copyright © 1996, Electric Nevada

"We don't say 'poison', we talk about treating the lake," said Patrick O'Brien, senior fisheries biologist with the California Department of Fish and Game.
He was answering questions from Electric Nevada about department's plans to apply rotenone this fall to eradicate Northern Pike in Lake Davis, near Portola. The fish, illegally planted there in recent years, pose a serious threat, in the view of the department, to many native species of California fish downstream from the lake. However, Portola city officials and area residents have objected heatedly to the department plans. [see previous story]
"Rotenone is not a poison in the sense that arsenic and strychnine are poisons," continued O'Brien. "It only affects gill-breathing organisms," like fish and small invertebrates like insect larvae.
Rotenone, he says, is an organic derivative of the roots of the tropical American plant cubé [pronounced 'ku-bay'] which South American Indians used to gather fish. They would chew the roots and then spit them into the water, where the fish, unable to breath, would suffocate and float to the surface. "The Indians then would take the fish home and eat them," said O'Brien.
But rotenone "doesn't hurt other critters that eat it," says O'Brien, adding that deer and cattle and other warm-blooded animals can all drink the water without ill effect. He also said that rotenone has already been tested and used extensively in the Midwest and the East Coast.
O'Brien acknowledges that his department is on the public-relations defensive with people in the Portola area. But he attributes those problems to "a long program of indoctrination," by a few environmentalists "who have fought all the treatments," and have spread misinformation that "whatever they say, they're lying to you and they're going to put poison in your water."
"The people of Portola are good people," he says, but "they're speaking their feelings." He adds that there is no way that either the state Department of Health Services or state law--including the most stringent environmental laws in the country--would allow any 'poisoning' of the water supply.
He said the Department of Fish and Game has done many treatments and has been sued many times, but has never yet lost in court. While emotions may color public discussion, "emotions disappear in court," said O'Brien, "because the judge just has to listen to the evidence."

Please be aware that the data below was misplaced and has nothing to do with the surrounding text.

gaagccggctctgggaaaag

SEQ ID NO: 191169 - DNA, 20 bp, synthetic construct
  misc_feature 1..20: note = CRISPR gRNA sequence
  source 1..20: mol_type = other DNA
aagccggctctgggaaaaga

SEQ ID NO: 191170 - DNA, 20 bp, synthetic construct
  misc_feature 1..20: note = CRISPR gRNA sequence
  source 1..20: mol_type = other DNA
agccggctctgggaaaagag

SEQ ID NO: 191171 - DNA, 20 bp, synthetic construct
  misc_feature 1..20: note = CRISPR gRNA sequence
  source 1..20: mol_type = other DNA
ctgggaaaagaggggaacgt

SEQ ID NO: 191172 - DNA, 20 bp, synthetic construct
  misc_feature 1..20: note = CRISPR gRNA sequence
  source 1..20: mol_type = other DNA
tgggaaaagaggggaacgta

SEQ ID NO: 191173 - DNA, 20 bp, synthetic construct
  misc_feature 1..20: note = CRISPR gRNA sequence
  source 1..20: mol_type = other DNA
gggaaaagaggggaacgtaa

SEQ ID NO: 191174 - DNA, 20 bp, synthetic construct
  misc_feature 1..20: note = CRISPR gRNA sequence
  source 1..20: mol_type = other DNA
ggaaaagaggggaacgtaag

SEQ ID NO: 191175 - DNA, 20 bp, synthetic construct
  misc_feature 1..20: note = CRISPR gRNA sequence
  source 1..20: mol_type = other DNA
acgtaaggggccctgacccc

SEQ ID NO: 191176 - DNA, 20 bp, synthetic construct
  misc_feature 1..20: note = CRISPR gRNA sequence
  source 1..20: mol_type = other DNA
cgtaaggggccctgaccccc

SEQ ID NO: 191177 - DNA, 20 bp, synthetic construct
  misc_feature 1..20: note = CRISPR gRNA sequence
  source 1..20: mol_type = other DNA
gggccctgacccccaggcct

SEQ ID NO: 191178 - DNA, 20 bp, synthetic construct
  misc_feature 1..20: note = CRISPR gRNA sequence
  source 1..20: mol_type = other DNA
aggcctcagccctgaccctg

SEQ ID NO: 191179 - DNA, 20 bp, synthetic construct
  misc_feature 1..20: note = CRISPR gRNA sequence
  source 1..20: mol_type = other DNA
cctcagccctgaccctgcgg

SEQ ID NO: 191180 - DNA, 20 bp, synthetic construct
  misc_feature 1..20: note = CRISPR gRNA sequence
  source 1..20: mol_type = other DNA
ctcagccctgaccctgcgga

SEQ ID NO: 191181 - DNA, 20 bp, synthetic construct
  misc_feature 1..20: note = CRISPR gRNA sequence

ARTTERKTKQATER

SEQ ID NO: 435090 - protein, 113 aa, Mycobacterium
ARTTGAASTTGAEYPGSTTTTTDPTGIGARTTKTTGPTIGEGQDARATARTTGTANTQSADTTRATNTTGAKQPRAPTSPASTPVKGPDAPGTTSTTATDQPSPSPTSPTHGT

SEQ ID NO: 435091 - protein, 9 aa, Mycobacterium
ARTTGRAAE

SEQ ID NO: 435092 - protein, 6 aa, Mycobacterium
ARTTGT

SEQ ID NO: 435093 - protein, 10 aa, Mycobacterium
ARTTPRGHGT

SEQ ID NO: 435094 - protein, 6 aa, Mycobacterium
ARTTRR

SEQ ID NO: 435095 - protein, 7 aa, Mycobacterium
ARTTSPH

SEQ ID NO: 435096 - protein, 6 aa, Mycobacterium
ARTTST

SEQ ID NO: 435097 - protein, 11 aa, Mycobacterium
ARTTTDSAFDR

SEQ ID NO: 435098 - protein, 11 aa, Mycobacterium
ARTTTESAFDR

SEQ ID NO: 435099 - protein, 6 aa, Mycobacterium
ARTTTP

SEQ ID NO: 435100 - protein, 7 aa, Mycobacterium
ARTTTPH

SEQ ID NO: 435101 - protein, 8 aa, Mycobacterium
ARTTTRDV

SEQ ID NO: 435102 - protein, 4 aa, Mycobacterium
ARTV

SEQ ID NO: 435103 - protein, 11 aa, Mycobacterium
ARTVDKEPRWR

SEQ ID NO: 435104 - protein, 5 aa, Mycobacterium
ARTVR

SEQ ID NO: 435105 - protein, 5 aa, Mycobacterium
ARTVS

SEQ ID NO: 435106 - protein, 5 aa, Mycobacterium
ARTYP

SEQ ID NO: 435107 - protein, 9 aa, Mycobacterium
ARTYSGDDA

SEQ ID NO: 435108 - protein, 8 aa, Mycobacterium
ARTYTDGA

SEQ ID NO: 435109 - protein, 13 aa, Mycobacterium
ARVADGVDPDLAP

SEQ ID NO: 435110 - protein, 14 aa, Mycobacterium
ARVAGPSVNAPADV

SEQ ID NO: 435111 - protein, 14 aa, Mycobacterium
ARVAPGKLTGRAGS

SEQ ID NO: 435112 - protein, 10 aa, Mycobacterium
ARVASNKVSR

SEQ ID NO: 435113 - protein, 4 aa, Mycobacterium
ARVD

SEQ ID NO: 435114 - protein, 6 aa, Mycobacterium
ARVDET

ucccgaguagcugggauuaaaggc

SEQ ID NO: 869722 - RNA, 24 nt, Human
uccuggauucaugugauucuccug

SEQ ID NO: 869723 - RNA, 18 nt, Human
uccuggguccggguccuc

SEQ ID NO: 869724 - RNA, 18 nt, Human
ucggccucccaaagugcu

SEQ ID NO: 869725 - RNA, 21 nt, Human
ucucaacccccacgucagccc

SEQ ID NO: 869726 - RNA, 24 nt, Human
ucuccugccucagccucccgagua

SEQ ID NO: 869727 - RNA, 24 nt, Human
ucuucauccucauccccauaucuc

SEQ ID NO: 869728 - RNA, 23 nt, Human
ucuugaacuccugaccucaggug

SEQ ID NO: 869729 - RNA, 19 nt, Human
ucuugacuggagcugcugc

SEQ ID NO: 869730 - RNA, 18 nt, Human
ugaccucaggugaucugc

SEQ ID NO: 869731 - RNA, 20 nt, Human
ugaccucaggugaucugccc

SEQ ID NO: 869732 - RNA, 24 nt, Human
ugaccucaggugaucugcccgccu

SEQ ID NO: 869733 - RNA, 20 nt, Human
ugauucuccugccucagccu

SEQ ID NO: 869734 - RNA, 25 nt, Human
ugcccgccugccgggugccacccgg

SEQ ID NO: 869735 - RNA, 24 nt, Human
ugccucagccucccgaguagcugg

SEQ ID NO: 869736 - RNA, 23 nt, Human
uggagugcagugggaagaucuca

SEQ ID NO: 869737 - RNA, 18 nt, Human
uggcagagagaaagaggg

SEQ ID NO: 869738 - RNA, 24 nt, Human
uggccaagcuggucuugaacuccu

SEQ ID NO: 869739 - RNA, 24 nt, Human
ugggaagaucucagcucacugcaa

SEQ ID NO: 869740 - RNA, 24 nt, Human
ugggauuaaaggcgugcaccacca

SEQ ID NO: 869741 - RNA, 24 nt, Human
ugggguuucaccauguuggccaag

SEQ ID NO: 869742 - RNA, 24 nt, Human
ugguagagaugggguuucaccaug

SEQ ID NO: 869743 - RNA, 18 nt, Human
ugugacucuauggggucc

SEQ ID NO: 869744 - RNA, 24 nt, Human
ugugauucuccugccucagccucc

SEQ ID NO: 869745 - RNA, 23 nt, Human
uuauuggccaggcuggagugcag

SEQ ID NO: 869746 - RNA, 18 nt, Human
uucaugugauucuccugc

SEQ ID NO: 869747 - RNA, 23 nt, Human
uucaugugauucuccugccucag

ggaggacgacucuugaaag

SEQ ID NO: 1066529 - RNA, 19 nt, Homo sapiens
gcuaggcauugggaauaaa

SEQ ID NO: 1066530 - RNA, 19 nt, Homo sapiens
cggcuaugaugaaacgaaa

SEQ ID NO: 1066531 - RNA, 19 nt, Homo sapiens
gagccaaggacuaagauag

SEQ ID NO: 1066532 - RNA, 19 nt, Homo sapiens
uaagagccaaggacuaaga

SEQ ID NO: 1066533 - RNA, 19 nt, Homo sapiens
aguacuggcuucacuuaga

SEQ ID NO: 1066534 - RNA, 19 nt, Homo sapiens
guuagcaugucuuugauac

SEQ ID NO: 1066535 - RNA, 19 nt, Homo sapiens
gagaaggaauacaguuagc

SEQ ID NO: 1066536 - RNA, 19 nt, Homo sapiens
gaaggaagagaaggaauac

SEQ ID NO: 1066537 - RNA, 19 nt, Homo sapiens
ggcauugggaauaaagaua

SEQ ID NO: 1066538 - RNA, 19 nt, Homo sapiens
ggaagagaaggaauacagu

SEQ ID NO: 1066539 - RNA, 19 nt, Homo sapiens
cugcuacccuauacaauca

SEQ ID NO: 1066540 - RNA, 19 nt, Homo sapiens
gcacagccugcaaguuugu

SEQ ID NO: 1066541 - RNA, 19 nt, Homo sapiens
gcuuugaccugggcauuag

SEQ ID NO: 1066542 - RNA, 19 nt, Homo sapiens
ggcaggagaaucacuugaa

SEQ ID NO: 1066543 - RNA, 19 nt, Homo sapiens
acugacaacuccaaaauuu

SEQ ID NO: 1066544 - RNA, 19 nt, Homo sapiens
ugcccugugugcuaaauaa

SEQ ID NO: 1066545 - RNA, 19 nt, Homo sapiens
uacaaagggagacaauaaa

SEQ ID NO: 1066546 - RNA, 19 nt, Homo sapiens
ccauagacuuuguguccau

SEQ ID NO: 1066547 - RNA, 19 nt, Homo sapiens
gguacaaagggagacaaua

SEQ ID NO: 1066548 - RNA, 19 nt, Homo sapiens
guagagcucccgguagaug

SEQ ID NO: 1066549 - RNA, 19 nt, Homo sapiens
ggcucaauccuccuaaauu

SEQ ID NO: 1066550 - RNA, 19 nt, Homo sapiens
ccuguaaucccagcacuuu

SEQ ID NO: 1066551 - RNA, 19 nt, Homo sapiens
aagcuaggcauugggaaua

To objections that the scheduled October application of the rotenone is going to disrupt the Portola area's tourist trade, estimated to produce one-third of local income, O'Brien said locals "don't realize that if Lake Davis is not treated, the pike are going to destroy the lake on their own."
He cited the experience of State of Nevada fish and game officials with Lake Comins, just outside of Ely, in the eastern part of the state. Crammed wall-to-wall with chub (a relative of carp) in the early '80's, said O'Brien, that lake then saw the state introduction of Northern Pike. Since pike only eat other fish, five years later anglers were pulling 30-pound pike out of the water. Seven years later, however, after the pike had eaten all the other species in the lake and had only each other to prey upon, "there were only stunted 12-inch hammerhead pike left."
Electric Nevada spoke with State of Nevada fishery biologists and they supported O'Brien's position, adding, "it's certainly true that pike will eat themselves out of house and home."
California's O'Brien says that "all the specialists" agree: if the pike get downstream from Lake Davis in the Feather River system "the pike population would explode," since the weeds and shallows of the river system are ideal spawning grounds for the pike. At that point, California's quarter-of-a-billion dollar fishing is at risk, he said.
"The pike would take over the whole Delta," said O'Brien, adding that there is no doubt "that the pike, if they remain in Lake Davis, will move downstream."
California can't afford to risk that the great majority of specialists are wrong, he said, adding, "the results could be catastrophic."